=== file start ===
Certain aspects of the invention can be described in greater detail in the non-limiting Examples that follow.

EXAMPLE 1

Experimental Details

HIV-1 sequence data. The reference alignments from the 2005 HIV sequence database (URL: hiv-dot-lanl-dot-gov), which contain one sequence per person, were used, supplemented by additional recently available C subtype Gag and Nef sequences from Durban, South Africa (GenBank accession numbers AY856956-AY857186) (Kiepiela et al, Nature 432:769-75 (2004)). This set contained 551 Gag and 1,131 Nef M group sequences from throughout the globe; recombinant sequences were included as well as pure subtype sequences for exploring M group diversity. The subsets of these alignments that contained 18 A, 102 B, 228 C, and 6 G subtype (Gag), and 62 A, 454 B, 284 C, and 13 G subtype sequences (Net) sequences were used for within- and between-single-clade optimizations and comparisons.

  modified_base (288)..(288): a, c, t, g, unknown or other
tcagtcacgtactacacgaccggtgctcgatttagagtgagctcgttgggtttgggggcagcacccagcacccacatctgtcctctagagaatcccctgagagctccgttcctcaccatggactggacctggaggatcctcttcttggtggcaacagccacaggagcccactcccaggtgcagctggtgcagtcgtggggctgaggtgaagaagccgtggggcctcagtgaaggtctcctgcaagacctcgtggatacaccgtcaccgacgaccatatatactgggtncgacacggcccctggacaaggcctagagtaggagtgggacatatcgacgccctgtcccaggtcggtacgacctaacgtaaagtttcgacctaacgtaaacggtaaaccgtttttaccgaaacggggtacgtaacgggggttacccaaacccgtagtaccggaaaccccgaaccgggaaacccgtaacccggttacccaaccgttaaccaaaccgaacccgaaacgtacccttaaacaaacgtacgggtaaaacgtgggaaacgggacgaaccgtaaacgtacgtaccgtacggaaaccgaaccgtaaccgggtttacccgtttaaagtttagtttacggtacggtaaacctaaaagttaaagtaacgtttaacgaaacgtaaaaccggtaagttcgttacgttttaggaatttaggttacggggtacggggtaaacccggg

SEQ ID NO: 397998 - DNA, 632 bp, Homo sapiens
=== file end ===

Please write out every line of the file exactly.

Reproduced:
Certain aspects of the invention can be described in greater detail in the non-limiting Examples that follow.

EXAMPLE 1

Experimental Details

HIV-1 sequence data. The reference alignments from the 2005 HIV sequence database (URL: hiv-dot-lanl-dot-gov), which contain one sequence per person, were used, supplemented by additional recently available C subtype Gag and Nef sequences from Durban, South Africa (GenBank accession numbers AY856956-AY857186) (Kiepiela et al, Nature 432:769-75 (2004)). This set contained 551 Gag and 1,131 Nef M group sequences from throughout the globe; recombinant sequences were included as well as pure subtype sequences for exploring M group diversity. The subsets of these alignments that contained 18 A, 102 B, 228 C, and 6 G subtype (Gag), and 62 A, 454 B, 284 C, and 13 G subtype sequences (Net) sequences were used for within- and between-single-clade optimizations and comparisons.

  modified_base (288)..(288): a, c, t, g, unknown or other
tcagtcacgtactacacgaccggtgctcgatttagagtgagctcgttgggtttgggggcagcacccagcacccacatctgtcctctagagaatcccctgagagctccgttcctcaccatggactggacctggaggatcctcttcttggtggcaacagccacaggagcccactcccaggtgcagctggtgcagtcgtggggctgaggtgaagaagccgtggggcctcagtgaaggtctcctgcaagacctcgtggatacaccgtcaccgacgaccatatatactgggtncgacacggcccctggacaaggcctagagtaggagtgggacatatcgacgccctgtcccaggtcggtacgacctaacgtaaagtttcgacctaacgtaaacggtaaaccgtttttaccgaaacggggtacgtaacgggggttacccaaacccgtagtaccggaaaccccgaaccgggaaacccgtaacccggttacccaaccgttaaccaaaccgaacccgaaacgtacccttaaacaaacgtacgggtaaaacgtgggaaacgggacgaaccgtaaacgtacgtaccgtacggaaaccgaaccgtaaccgggtttacccgtttaaagtttagtttacggtacggtaaacctaaaagttaaagtaacgtttaacgaaacgtaaaaccggtaagttcgttacgttttaggaatttaggttacggggtacggggtaaacccggg

SEQ ID NO: 397998 - DNA, 632 bp, Homo sapiens